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Panel discusses need for anti-colonial, anti-imperialist feminism for Palestinian solidarity

Politicide of Palestine discussed as part of Israeli Apartheid Week

As part of this year’s Montreal Israeli Apartheid Week, Nahla Abdo, a Palestinian professor of sociology at Carleton University, spoke about the need for anti-colonial, anti-imperialist feminism at a talk titled “Imperialist Feminism and Arab Women’s Struggle: The Palestinian Case,” held on March 23 at Concordia University.

Abdo’s talk focused on the Western feminist rhetoric on Palestinian women’s struggle and the push-back to this discourse by Palestinian women. Abdo also discussed the importance of using oral history as a research method to highlight the struggle of Palestinian women who are political prisoners.

Land and genocide in the Palestinian struggle

Abdo introduced the concept of “politicide” as important to understanding Palestinian women’s anti-colonial struggle. She explained that politicide is a form of genocide committed against Palestinians by the state of Israel through the erasing of Palestine as a political entity and through erasing Palestinian geography – for example, Israel’s renaming of many Palestinian towns and villages with Hebrew names.

“At the heart of the [struggle against] settler colonialism is the loss of land and struggle to regain the land,” Abdo said.

She linked the politicide of Palestine with the lack of criticism of Israel in the Western world. “Such politics have gone hand in hand with an Amero-European politics of a deafening silence toward Israel’s policies,” Abdo said. “We all have, as academics, in one way or another felt the pressure on our freedom of expression when it comes to [when we] critically think and publicly speak about the Israeli state.”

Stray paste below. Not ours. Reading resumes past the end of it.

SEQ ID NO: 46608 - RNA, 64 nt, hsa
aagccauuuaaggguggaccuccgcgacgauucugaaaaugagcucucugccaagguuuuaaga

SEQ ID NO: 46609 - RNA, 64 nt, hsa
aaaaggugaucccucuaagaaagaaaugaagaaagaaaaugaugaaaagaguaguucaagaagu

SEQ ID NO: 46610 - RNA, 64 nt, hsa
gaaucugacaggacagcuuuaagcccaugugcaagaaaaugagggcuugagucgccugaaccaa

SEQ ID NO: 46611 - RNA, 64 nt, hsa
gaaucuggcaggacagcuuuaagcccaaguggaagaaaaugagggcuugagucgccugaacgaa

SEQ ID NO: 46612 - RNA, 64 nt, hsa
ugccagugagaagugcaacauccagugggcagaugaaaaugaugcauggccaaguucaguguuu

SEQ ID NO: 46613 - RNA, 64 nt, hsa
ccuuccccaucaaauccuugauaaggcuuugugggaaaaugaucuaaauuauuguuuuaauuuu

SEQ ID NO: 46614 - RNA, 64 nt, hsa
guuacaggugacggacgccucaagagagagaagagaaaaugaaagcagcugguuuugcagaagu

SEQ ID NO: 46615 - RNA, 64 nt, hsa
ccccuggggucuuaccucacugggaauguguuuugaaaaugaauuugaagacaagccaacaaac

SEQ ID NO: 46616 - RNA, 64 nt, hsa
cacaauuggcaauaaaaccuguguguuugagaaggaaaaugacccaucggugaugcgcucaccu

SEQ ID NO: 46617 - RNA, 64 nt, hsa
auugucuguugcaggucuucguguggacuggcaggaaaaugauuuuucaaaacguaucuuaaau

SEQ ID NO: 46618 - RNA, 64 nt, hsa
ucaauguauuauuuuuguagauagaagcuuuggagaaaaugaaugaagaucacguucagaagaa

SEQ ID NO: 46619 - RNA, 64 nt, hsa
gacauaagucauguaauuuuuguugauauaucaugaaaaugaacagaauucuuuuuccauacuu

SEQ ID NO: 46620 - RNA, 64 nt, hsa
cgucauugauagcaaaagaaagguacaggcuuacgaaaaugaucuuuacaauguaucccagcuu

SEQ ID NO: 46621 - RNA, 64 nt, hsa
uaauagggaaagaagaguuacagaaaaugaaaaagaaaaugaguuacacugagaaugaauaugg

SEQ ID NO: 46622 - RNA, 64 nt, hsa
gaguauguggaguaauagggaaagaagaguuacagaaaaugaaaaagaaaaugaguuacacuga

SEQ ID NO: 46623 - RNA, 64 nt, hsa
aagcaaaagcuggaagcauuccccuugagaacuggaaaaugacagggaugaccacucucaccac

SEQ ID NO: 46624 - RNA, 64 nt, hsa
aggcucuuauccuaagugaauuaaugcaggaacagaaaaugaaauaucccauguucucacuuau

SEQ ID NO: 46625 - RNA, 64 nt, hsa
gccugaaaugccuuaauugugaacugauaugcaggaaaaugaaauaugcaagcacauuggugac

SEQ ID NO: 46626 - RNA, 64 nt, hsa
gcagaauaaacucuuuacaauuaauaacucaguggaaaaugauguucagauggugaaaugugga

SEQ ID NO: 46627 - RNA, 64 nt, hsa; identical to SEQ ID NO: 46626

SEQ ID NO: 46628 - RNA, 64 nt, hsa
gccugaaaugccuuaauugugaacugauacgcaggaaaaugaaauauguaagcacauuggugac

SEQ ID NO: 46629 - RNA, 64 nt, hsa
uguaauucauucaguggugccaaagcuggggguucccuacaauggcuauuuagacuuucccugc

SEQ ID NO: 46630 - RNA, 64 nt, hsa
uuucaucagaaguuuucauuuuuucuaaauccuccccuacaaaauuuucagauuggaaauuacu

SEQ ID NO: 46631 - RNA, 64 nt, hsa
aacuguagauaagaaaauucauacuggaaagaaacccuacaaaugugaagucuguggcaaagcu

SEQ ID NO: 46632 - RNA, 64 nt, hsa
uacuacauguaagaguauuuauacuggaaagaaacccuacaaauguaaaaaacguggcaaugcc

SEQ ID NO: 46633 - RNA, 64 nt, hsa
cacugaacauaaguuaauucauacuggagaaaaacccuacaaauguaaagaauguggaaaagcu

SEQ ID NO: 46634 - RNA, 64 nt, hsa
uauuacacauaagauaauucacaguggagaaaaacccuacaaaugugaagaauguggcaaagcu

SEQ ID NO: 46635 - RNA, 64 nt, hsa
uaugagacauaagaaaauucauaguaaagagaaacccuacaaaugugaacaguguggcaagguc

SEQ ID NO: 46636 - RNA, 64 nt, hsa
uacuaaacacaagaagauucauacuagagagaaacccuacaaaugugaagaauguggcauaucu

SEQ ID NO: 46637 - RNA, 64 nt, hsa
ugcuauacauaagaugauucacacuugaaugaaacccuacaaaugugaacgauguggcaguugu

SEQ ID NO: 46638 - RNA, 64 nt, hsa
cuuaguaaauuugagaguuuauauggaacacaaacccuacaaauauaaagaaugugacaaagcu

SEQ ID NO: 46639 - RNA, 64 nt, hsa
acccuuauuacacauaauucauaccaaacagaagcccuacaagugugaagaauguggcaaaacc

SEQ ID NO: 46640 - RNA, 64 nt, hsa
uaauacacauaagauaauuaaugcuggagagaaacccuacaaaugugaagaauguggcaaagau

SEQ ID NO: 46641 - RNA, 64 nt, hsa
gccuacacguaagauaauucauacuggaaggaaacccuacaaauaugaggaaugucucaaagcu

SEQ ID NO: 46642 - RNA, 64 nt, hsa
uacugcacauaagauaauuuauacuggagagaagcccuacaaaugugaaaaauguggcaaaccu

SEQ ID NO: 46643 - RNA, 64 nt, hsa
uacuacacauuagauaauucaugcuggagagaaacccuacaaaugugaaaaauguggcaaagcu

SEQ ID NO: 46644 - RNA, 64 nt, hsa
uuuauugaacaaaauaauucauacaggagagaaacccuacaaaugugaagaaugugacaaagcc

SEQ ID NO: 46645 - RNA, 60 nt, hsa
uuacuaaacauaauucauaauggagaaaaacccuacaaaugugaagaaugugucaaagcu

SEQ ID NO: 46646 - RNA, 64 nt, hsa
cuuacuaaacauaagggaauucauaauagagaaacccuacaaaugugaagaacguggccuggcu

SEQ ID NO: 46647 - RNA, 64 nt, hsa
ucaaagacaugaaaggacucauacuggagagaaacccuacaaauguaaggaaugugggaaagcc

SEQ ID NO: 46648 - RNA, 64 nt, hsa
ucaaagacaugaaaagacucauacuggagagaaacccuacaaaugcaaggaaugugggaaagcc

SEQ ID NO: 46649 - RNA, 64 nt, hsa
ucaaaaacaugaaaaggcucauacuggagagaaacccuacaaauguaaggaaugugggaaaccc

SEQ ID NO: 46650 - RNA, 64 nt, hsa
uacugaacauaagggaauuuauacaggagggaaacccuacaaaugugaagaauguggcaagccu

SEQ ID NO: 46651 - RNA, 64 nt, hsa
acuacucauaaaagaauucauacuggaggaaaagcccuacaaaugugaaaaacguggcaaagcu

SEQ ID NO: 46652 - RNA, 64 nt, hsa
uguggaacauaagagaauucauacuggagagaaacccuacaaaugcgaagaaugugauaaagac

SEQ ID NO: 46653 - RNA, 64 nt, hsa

“At the heart of the [struggle against] settler colonialism is the loss of land and struggle to regain the land.”

Abdo also mentioned that a result of such a a lack of an anti-colonial analysis in discussing settler-colonial states like Israel and Canada leads to the conflation of anti-Semitism and anti-Zionism.

“You criticize Canada left and right, but you are not to touch Israel,” she said, referring to some activists’ propensity to speak out against Canada’s policies, but their silence on Israel’s occupation of Palestine.

Orientalist and imperialist feminism

More specific to the topic of women’s anti-colonial struggle, Abdo spoke about “orientalist feminism,” which she defined as the essentialization of Arab and Muslim women. Orientalist feminism, said Abdo, imagines Arab and Muslim women to be under patriarchal and cultural oppression. In addition to problematizing this type of feminism, Abdo also spoke about imperialist feminism. While orientalist feminism focuses on culture, Abdo argued, imperialist feminism is a result of a political ideology.

“Imperialist feminism is a 21st-century feminism developed in response to the so-called War on Terror. [It is] the linking of resistance to colonialism [to] acts of terror; everyone who resists colonialism becomes a terrorist,” Abdo said. “[Imperialist feminism] uses women’s bodies and sexuality for ideology, for racializing and dehumanizing Palestinian freedom fighters.”

Abdo concluded her talk by saying, “While the state can erase the physical marker [of Palestinian land], they can’t erase [the Palestinian] vision and memory. Memory of the land, the home, the olive and the cypress trees, of the hills and mountains from the collective conscience of Palestinians.”

“I sometimes find that Western interpretations of people’s experience can be a colonial one, whether intended or not.”

Amal, a Concordia student present at the talk, told The Daily in an email that she disagreed with Abdo’s point that one doesn’t have to have lived an experience or be from a community to write about it.

“Very often the voices of those concerned are drowned out by Western academics because they have more opportunities to publish and discuss their work,” said Amal. “Basically, there are enough academics and writers who can give a more complete representation and analysis of an experience, and I sometimes find that Western interpretations of people’s experience can be a colonial one, whether intended or not,” she continued.